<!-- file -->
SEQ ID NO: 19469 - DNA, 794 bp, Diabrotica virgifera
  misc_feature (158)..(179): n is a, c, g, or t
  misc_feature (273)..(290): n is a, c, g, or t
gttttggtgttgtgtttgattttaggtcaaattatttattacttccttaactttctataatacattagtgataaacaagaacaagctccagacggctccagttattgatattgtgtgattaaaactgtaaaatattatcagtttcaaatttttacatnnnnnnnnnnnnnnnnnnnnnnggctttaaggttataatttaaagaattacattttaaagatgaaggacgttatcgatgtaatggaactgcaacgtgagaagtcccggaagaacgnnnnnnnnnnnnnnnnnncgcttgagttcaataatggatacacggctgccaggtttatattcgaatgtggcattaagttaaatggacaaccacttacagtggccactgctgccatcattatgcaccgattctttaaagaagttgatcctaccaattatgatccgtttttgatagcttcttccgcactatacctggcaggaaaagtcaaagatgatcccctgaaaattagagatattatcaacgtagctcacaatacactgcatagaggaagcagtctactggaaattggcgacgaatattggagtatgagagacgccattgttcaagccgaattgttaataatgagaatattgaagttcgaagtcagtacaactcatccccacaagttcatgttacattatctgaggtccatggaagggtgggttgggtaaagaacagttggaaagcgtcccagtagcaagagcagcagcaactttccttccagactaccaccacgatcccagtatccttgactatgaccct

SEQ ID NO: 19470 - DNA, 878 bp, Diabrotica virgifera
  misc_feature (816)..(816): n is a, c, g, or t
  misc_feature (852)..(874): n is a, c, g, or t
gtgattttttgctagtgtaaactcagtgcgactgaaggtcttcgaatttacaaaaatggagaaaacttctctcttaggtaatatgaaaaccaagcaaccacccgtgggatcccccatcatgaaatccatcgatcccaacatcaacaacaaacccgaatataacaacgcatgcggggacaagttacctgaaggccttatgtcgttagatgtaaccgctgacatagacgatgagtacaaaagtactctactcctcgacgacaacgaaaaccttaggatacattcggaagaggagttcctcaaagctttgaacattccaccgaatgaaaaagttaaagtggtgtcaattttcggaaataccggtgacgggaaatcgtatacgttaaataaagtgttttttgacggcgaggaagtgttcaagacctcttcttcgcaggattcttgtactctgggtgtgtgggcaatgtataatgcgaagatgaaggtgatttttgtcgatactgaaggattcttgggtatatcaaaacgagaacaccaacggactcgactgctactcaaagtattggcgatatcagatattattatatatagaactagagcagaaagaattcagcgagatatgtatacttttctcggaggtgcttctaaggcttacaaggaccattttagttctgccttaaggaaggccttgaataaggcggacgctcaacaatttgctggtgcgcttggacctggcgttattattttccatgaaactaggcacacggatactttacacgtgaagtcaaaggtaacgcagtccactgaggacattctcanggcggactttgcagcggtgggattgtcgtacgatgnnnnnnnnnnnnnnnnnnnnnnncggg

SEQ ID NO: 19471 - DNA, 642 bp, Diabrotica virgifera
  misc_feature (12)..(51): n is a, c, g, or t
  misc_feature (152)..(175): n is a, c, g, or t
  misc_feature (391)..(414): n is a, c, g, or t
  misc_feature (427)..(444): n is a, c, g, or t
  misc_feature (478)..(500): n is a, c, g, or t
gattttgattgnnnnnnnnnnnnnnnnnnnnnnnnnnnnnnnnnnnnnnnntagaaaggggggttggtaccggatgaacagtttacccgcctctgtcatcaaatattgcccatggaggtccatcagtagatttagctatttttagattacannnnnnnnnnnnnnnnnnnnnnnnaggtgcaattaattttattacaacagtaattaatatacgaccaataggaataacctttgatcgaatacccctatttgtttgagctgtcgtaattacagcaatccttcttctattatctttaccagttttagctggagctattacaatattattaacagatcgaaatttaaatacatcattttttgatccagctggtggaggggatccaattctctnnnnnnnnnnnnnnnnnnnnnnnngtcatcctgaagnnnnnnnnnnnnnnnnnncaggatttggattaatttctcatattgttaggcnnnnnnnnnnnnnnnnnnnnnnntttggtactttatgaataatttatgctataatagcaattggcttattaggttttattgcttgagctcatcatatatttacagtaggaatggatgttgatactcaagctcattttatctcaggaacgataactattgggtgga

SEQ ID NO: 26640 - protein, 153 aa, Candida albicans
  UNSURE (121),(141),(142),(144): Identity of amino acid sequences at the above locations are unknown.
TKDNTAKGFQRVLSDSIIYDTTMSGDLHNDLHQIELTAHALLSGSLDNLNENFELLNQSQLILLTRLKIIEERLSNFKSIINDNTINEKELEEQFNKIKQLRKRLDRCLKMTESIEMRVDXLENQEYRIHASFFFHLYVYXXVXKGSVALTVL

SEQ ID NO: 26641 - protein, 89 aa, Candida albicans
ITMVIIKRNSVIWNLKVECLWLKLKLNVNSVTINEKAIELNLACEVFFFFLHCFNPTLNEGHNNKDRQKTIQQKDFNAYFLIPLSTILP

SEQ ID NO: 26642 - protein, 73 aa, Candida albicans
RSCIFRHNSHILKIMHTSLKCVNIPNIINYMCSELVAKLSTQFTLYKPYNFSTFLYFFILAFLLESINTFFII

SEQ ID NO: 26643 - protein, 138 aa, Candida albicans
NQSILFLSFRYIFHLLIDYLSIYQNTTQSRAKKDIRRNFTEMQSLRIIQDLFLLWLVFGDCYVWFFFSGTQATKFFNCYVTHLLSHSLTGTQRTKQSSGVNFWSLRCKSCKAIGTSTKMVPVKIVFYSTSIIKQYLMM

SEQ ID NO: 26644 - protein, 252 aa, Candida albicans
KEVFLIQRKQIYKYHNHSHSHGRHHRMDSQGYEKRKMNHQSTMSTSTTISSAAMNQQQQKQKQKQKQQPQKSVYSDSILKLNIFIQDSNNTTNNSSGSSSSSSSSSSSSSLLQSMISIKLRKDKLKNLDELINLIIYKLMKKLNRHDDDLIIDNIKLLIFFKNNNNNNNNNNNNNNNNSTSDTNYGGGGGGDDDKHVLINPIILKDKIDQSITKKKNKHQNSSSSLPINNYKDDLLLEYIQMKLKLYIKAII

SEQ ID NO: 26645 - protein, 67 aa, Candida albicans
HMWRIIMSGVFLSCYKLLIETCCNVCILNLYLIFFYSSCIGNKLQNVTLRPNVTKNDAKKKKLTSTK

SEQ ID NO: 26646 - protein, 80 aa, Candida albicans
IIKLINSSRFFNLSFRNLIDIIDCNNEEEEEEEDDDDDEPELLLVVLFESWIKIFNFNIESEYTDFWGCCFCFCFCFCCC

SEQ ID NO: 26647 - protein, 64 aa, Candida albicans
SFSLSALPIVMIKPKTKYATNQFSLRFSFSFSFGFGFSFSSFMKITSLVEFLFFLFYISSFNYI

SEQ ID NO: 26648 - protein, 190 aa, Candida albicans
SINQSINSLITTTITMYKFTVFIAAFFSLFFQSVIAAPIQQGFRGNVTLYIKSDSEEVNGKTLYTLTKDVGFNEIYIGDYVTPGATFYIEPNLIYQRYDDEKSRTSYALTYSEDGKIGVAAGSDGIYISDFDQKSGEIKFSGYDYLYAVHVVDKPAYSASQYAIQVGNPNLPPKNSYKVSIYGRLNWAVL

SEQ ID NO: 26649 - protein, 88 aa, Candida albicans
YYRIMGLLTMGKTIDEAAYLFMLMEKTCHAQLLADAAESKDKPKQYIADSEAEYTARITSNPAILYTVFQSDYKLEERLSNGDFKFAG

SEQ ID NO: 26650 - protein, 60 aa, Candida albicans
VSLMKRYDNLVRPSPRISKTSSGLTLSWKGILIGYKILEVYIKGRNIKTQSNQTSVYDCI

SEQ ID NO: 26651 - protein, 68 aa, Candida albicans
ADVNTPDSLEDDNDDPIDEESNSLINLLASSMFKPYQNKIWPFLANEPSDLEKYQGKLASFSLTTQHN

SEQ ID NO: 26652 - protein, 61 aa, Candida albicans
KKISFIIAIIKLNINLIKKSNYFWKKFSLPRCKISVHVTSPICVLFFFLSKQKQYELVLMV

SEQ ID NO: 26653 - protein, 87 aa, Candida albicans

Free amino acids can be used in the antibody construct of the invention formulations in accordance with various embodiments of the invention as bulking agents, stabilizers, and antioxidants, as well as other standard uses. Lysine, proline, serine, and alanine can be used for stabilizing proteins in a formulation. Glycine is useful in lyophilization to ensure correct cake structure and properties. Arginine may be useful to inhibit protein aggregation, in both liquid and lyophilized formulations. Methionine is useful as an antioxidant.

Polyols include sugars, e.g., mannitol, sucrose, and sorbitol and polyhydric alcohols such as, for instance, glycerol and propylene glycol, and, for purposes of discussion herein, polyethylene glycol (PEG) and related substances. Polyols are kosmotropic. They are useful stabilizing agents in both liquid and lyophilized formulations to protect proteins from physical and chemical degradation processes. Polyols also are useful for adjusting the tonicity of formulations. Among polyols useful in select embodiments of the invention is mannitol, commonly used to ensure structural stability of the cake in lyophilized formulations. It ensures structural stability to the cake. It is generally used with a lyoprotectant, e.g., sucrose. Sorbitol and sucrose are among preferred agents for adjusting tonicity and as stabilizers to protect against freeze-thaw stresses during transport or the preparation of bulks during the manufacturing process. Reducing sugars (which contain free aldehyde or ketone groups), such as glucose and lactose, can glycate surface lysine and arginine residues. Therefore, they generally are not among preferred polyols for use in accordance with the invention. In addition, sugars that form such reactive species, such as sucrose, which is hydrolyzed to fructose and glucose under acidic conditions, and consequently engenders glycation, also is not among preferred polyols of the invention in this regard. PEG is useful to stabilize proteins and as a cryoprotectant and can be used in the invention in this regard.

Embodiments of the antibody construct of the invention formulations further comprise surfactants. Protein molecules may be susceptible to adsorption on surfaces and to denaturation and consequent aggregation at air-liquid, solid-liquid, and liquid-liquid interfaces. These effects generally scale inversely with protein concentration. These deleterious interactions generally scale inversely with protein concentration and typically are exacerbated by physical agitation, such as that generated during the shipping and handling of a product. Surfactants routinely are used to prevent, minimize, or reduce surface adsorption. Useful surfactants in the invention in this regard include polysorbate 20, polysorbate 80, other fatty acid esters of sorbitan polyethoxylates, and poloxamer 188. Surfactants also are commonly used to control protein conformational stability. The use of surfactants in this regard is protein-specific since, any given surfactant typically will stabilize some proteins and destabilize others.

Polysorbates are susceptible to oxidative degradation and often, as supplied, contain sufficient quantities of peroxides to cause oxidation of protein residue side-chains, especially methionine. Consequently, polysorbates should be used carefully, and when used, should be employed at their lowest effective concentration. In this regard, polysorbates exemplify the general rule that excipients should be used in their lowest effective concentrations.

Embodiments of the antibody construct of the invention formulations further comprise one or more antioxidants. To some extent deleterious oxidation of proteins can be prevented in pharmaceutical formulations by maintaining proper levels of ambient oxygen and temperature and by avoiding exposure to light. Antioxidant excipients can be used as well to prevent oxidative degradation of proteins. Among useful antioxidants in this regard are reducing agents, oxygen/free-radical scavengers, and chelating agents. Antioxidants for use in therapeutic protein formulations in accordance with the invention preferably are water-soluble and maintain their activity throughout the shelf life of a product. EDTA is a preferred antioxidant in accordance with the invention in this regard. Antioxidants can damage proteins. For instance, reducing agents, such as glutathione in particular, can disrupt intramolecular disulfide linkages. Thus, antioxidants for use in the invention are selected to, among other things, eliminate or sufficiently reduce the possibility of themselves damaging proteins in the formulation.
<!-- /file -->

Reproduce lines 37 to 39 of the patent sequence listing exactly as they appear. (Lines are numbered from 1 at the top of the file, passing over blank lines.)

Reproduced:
SEQ ID NO: 26650 - protein, 60 aa, Candida albicans
VSLMKRYDNLVRPSPRISKTSSGLTLSWKGILIGYKILEVYIKGRNIKTQSNQTSVYDCI

SEQ ID NO: 26651 - protein, 68 aa, Candida albicans